Amazing. In the blink of an eye we've come from Web 2.0 mania to Limited Partner commitment defaults in VC funds. Wow... who turned on the lights in the club? Party's over, I guess.
"You don't have to go home, but ya can't stay here."
Anyway, Doomsday aside, the way venture capital works is that high net worth individuals and institutions (pension funds, endowments, insurance companies) make commitments to VC funds. Unlike hedge funds, however, they don't hand the money over day one--it gets drawn down as VCs find and fund deals. Some funds, like Accel, draw down chunks of their fund 5% at a time, just in case a deal needs some quick cash. Otherwise, Limited Partners generally have 10 business days from the day VCs request their money to pay up. If they don't, they can be in default, and lose their stake in the fund. If you really don't have the money, though, I guess that's not such a bad scenario.
From '00-'03, many dot com entrepreneurs and even some institutions (like banks) realized that, as a % of their shrinking wealth, they had overcommited to VC funds and either couldn't keep up with the capital calls or just didn't want half their savings tied up in VC funds.
Some of them had pieces of VC funds that had already been fully invested, others had relatively new commitments. Eiither way, they wanted out and that's where the VC secondaries market came into play.
How do I know this? When I was on the VC investment team at the GM Pension Fund (now PEQM), we were a major investor in secondaries. Not only did we back secondary funds, like Lexington Parters, who bought these commitments from others, but we did a number of transactions on our own, buying direct. One of our major purchases was a portfolio of VC funds sold after the crash, when VC funds seemed to b devaluing their portfolio and shutting down companies every quarter. It was a bloodbath and those who were newbie investors went running--right into the arms of long term institutional investors like ourselves that had been doing venture since 1979.
The most interesting portfolios we saw were the mostly unfunded ones, where investors had made big commitments to newly raised VC funds only to realize that they'd never be able to follow through.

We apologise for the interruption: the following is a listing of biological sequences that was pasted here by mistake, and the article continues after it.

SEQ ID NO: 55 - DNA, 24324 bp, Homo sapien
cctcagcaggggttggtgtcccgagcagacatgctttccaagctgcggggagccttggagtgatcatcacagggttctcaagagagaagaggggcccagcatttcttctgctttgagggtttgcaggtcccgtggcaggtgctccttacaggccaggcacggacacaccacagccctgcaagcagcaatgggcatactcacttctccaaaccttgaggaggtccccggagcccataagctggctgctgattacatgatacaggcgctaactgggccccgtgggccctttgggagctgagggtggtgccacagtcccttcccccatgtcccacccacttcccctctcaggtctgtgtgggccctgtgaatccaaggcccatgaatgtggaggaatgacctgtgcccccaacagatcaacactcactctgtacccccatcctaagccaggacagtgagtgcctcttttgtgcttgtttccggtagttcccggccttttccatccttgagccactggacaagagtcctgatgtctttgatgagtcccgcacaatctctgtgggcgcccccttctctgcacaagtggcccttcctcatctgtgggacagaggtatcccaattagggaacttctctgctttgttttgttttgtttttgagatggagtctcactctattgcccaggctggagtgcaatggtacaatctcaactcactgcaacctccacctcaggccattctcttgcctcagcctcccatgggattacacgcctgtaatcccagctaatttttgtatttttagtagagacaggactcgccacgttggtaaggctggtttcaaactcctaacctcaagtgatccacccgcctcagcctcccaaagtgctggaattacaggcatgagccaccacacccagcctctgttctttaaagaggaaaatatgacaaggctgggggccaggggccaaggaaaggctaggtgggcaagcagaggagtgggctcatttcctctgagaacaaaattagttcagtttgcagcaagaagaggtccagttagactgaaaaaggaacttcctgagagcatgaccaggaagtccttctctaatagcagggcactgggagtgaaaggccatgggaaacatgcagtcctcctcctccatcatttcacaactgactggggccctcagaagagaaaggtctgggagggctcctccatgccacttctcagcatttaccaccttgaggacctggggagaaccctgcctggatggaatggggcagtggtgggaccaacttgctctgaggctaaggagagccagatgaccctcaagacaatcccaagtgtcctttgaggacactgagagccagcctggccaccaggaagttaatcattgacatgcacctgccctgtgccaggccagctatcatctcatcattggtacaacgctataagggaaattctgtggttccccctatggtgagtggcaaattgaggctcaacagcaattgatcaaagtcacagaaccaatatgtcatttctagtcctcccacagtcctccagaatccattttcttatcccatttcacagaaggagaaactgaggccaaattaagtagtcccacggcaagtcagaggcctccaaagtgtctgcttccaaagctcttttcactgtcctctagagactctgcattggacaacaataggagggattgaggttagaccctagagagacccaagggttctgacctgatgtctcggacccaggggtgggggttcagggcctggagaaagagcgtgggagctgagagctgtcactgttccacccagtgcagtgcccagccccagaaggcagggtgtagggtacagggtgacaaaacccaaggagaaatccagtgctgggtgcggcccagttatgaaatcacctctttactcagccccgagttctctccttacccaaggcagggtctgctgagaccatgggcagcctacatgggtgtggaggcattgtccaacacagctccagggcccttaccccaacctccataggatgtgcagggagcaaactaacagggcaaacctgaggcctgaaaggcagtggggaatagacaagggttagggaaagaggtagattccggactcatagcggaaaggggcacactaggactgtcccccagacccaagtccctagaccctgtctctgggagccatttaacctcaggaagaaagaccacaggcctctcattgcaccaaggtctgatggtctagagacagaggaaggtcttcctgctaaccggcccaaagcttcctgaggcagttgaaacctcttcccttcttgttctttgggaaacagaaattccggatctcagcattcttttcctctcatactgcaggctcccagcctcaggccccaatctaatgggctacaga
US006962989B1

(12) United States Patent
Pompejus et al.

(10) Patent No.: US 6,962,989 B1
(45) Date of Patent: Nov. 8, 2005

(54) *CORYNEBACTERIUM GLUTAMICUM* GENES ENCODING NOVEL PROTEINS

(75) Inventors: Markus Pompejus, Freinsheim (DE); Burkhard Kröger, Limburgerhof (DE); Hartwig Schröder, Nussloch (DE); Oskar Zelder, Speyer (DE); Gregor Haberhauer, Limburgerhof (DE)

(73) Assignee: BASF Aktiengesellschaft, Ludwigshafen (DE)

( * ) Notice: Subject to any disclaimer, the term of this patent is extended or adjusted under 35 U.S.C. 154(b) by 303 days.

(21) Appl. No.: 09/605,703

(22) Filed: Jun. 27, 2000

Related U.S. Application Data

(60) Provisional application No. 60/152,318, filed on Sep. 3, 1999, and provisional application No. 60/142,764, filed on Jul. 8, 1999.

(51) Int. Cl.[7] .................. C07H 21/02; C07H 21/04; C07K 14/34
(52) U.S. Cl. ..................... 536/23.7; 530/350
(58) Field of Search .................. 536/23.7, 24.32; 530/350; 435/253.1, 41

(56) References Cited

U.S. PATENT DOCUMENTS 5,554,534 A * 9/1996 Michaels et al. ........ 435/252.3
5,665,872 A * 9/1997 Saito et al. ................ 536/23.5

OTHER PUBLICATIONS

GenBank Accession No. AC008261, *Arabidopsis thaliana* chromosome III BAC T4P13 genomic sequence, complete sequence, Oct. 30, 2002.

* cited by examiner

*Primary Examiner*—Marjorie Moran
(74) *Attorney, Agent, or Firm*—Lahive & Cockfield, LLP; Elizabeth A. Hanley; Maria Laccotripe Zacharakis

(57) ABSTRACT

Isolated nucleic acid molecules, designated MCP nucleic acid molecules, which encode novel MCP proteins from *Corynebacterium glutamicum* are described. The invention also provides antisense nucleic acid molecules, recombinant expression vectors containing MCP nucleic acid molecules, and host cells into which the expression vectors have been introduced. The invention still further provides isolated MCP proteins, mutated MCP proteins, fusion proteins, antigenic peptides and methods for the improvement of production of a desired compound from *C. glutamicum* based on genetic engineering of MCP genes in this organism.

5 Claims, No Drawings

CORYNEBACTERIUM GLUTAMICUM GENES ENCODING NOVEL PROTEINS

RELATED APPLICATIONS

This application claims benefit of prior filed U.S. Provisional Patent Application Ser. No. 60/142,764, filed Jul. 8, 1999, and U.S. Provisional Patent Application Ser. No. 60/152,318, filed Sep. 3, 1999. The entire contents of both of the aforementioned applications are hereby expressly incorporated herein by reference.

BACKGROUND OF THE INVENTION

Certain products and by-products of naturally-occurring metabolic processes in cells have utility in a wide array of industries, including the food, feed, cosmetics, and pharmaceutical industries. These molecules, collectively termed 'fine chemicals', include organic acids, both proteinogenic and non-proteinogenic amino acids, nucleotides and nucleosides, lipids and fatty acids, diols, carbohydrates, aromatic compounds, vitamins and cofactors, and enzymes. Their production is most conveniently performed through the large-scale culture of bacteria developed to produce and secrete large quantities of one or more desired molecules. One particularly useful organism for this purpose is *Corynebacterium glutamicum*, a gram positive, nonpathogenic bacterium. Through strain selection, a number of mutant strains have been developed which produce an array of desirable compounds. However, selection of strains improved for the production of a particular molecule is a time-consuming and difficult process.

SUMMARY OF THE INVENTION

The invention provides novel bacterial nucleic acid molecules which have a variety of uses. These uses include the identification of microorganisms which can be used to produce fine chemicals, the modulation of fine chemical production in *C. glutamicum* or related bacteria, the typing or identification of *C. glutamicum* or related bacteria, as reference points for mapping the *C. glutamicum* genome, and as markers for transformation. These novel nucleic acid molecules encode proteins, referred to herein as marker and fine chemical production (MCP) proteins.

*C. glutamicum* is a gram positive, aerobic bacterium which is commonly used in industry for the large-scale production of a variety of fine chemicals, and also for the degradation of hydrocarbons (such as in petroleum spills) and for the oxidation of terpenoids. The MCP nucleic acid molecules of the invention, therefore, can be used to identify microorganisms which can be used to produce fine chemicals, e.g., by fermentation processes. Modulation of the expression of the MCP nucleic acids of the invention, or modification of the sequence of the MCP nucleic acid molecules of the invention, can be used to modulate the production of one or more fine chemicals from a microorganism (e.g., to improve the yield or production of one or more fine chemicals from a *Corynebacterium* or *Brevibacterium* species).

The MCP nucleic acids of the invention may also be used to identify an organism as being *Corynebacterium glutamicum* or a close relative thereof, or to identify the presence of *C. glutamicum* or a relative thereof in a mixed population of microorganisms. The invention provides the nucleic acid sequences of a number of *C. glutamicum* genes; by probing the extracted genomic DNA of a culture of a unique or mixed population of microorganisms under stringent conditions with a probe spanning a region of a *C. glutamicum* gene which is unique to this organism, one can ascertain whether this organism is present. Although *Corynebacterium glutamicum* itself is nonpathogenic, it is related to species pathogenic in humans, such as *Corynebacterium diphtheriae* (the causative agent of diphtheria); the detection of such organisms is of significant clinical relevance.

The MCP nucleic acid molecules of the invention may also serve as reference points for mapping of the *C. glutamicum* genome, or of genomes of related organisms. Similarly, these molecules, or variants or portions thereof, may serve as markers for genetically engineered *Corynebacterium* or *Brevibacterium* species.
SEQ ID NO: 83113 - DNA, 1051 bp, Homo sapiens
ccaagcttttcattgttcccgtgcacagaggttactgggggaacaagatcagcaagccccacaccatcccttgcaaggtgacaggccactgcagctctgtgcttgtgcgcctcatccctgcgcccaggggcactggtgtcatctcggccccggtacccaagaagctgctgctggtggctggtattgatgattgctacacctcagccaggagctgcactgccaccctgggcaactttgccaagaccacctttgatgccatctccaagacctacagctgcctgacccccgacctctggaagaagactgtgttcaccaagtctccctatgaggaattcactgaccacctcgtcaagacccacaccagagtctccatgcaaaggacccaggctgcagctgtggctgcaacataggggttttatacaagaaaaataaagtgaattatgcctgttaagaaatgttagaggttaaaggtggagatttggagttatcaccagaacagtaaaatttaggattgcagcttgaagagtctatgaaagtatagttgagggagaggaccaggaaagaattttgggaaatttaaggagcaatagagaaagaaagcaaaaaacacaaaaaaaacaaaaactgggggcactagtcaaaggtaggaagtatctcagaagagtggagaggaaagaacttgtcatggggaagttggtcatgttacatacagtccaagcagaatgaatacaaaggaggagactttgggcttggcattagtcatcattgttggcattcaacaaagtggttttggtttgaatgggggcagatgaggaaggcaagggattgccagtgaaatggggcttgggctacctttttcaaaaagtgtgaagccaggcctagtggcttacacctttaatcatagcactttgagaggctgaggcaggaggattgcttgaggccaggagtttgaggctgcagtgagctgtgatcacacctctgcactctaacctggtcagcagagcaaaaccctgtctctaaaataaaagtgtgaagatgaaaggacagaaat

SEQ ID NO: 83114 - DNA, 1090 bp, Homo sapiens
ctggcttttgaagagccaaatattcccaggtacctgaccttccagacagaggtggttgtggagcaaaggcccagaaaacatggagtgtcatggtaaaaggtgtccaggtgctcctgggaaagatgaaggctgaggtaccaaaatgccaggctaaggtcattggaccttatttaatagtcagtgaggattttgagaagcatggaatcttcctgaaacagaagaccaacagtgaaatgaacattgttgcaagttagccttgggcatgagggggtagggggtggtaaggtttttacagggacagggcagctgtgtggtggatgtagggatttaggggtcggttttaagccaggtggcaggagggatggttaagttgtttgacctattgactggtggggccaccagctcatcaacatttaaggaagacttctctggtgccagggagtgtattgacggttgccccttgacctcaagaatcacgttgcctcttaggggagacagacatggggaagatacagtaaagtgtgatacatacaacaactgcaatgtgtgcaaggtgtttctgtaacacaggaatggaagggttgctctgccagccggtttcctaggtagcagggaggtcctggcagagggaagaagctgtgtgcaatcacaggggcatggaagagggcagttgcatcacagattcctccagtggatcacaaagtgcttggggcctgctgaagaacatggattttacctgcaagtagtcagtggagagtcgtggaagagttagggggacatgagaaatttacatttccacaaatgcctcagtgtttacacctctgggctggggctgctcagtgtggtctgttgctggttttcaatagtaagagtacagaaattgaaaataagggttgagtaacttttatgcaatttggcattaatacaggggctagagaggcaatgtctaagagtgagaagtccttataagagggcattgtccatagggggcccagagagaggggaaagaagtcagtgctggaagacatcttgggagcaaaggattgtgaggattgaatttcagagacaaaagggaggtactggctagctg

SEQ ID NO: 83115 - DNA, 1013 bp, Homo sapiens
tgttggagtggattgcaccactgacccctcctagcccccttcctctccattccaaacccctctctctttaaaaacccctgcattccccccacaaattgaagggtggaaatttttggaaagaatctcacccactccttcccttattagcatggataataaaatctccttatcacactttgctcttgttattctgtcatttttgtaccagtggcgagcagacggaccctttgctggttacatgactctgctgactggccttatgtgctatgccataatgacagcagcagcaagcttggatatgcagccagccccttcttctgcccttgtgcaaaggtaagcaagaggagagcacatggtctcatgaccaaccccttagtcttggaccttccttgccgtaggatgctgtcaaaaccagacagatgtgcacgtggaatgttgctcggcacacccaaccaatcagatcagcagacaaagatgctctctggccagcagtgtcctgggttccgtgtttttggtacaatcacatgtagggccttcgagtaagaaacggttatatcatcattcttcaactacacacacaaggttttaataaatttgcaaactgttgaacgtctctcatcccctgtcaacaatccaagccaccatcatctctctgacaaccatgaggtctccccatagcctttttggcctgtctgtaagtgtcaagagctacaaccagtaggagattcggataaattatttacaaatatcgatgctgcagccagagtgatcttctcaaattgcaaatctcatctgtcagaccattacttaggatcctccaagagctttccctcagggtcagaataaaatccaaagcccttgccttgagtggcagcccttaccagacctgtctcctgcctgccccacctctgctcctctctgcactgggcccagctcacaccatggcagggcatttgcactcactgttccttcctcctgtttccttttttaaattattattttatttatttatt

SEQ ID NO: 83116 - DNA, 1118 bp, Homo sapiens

So what's the going rate for an empty VC fund that has yet to draw down any capital? More than you think!
Some funds, like Kleiner, Sequioa, August, Accel, were seen as so attractive to investors and so difficult to get into, that people were paying money for completely unfunded commitments--just to get into the fund. The idea is that if you target a 15% return and you think a given fun will return 25%, then risks being equal, you'd actually pay up to put your money into it if you were limited in your access to other similar funds.
That was the exception, though. Most funds were sold at heavy discounts for the existing assets. The point is, there was never a shortage of investors looking for access to these funds. The idea was that if you bought in, made nice with the VC firm, and proved to be a stable source of capital, you could hopefully get into their next fund as well, plus make some money with your "value" bet on the existing assets.
Therefore, good firms with good LPs will always have someone waiting in the wings to take over their commitment. Also, some existing LPs have "ROFRs", which stands for right of first refusal. That means that before you think you're going to pick up a few pieces of the next Sequoia fund on the cheap, the existing investors will get a shot at it before you do.
If you do have a commitment to a top tier fund and you're looking to get out, drop me a line and I'll put you in touch with some folks who would be willing to take it off your hands. Just remember, when I say top tier, I don't mean Joe's Auto Body Shop and VC Fund.